On a piece of notebook paper, or whatever is lying around, describe your site. Take five to twenty minutes to come up with a purpose for your site, or better yet, call it your Mission Statement.
Answer the following questions:
Now, compile this information into a paragraph so it looks like this:
From this exercise, we've gathered a lot of information. We've uncovered information on how you might layout and design your site. If you know your audience is mostly made up of young people under the age of 25, you will probably want a fashionable look ranging from wild colors and crazy graphics to dark foreboding tones. Something appropriate for that generation. If you are providing factual information about a serious subject, then you will probably want a more conservative look where the information is more important than a lot of pop and flash.
You probably already have a design idea in mind, or you will be copying over from your previous site, but take a moment to use this information to reconsider your design, and to see how what you want will work with the WordPress options.
You have also uncovered the possible categories for your site. The topics and subjects you will be covering are listed in your purpose statement. Let's say your purpose statement said,
Your topics are your categories. Write your categories down below your purpose paragraph and notes about your web page design.
Now, what subcategories might be under these topics? Under Computer Tips, you might want to segregate them by Windows, Linux, and Mac. Or maybe Software and Hardware. You can have sub-sub-categories, but let's stop with subcategories for right now. Write these down.
Remember the question about why you are doing this? Is it because you have valuable and timely information or knowledge to share, because you want to talk about a subject that interests you, or maybe because you just think it will be fun to do. Why not? Everyone's doing it!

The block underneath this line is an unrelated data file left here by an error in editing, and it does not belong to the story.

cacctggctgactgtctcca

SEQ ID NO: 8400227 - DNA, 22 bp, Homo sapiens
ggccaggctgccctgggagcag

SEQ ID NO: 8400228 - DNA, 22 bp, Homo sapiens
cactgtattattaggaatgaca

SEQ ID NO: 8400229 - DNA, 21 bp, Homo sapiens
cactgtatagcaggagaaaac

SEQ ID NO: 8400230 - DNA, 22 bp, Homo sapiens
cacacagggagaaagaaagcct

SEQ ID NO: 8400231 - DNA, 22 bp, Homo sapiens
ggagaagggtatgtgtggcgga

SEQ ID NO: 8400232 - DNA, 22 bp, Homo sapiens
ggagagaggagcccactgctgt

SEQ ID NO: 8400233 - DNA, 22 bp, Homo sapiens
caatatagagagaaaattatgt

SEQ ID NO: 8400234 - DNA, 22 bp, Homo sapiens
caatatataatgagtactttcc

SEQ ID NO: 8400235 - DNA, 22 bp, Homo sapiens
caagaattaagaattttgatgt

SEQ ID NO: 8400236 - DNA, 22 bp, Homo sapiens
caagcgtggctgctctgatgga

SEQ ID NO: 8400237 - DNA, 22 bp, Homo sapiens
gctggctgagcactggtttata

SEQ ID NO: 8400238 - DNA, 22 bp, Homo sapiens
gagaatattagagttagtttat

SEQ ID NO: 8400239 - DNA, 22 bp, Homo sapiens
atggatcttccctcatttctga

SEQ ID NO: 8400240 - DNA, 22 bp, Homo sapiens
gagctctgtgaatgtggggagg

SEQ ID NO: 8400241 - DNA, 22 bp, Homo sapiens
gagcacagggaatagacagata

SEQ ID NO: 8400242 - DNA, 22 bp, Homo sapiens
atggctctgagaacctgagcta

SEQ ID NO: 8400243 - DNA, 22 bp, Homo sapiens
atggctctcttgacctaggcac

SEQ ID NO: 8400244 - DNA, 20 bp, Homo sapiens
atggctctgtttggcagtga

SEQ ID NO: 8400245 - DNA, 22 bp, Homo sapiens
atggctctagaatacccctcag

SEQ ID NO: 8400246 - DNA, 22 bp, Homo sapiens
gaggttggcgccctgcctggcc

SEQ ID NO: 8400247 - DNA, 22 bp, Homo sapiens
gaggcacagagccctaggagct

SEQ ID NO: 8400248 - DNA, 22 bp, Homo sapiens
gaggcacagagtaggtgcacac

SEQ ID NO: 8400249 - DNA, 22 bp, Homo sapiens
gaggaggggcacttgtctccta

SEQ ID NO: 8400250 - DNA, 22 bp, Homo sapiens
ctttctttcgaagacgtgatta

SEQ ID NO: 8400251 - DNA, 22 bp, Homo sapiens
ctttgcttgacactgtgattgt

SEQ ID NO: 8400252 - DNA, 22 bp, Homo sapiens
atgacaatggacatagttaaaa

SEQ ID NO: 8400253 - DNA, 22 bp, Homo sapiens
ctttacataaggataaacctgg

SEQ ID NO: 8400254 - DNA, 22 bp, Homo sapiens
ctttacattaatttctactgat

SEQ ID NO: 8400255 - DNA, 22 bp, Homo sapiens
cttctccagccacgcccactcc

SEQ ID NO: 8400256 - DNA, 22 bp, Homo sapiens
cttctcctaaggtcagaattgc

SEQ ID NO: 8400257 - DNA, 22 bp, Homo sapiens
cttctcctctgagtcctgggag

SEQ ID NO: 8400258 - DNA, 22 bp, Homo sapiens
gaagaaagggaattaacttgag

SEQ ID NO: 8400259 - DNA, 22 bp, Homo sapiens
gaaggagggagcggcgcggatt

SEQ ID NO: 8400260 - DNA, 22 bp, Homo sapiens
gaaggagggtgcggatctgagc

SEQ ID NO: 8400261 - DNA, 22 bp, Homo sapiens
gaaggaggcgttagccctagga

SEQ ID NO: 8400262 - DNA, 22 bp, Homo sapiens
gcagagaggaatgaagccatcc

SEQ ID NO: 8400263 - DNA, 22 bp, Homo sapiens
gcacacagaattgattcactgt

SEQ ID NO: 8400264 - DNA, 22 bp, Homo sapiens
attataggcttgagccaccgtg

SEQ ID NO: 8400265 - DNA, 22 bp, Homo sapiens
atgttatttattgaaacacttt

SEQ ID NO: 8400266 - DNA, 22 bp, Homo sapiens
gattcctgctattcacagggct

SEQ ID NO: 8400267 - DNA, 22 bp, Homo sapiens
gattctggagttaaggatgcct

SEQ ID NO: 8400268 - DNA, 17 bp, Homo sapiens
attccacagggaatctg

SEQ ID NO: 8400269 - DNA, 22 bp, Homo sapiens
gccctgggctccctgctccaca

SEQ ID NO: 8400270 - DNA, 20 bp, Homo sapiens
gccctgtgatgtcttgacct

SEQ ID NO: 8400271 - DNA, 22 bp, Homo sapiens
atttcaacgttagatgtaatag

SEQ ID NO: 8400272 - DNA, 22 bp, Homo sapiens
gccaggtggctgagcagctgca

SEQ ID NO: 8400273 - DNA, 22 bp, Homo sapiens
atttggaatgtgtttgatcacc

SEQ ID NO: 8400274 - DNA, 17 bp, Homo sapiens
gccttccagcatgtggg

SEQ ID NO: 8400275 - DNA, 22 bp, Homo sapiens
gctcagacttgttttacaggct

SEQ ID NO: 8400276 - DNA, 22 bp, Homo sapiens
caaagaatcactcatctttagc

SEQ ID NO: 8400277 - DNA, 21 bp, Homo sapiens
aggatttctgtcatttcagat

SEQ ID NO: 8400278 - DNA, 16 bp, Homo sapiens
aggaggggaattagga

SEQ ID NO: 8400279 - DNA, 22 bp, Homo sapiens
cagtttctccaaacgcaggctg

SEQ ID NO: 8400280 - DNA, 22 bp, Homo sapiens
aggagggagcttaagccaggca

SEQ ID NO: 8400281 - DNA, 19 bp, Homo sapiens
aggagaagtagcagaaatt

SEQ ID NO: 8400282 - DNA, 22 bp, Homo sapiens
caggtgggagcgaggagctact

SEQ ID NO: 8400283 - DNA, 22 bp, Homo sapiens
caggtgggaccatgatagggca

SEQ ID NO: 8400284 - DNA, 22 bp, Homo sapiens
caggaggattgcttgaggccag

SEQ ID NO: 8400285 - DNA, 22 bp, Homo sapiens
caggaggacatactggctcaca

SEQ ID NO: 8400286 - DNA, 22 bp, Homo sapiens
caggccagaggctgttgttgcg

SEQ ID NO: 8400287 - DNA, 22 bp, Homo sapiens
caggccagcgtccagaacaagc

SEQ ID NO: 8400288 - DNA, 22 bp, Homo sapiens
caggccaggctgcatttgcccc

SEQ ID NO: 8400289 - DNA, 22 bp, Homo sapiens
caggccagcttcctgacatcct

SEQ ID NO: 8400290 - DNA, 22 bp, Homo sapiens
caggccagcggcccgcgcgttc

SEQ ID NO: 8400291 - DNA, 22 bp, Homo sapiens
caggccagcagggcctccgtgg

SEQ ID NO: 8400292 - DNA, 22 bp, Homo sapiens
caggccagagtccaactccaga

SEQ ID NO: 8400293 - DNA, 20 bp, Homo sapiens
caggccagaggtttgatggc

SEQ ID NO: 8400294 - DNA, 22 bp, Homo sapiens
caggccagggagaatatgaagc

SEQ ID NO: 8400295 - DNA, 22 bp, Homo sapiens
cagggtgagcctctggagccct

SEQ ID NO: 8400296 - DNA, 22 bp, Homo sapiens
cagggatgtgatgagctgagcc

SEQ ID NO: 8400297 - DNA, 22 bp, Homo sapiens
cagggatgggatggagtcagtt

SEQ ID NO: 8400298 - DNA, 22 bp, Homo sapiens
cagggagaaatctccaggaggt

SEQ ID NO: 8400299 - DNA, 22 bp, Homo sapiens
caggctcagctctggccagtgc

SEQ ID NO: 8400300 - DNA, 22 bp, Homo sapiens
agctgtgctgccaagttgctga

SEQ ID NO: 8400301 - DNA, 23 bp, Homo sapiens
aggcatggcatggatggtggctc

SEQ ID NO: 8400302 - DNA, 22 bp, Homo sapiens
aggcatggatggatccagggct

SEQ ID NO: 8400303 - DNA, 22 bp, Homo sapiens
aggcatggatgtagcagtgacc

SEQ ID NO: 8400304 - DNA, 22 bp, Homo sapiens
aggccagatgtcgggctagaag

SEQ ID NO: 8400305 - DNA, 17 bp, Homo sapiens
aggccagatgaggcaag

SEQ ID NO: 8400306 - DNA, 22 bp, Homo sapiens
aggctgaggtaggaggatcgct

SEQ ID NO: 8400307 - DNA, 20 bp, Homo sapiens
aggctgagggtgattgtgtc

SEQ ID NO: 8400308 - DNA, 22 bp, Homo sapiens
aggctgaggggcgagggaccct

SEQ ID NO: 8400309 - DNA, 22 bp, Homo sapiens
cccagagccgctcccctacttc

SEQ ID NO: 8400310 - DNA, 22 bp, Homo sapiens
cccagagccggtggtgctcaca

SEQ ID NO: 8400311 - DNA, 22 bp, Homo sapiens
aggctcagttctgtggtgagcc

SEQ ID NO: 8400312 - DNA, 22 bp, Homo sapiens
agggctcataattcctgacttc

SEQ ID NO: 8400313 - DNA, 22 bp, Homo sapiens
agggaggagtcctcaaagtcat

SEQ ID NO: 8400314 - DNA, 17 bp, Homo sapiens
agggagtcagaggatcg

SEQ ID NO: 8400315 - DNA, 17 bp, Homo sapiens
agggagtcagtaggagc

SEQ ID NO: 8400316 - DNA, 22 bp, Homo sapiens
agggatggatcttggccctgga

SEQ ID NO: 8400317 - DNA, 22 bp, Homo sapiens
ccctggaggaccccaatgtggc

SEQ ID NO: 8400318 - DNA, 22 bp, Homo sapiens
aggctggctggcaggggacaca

Understanding the timeliness of the information you want to present on your site helps you organize the information on your website. Your website is organized by several different methods. If the date of when you posted the information is critical to the success of the page, then having links to your posts referenced by date is important. If the information itself is more important and timeless, then having your posts referenced by category is the best choice.
Have you noticed that you are starting to lay out your website? If you remember our earlier test drive of your new WordPress website, we examined the sidebar menu. This is the area where your past posts are organized. If you take another look (yes, you can go back to your computer for a moment), you will see the sidebar is laid out in a list by Archives by date, Categories by category, and may even feature a calendar (turned off in the Default Theme but visible in the Classic Theme).
As you lay out your website on paper, consider whether you want both categories and dates, or just one of them in your sidebar. What information you have and how you want to help the user find the information is critical to your website design.
As you think about what information the user will need to know, you have to consider what information you are willing to share with them. That information may include how to contact you, what the purpose of the site is, who you are, and what your expertise is.
WordPress v1.5 offers a new feature called Pages which makes the process of presenting this information in an easier fashion. Pages, similar to posts, are most commonly used to present unchanging information such as Pages for About Us, Contact Us, Sign Up for Our Mailing List, and other static information. Before creating your individual Pages, you need to think about what information you would like the Page to hold. Write down the possible Page titles and describe the information you are willing to share online on each Page.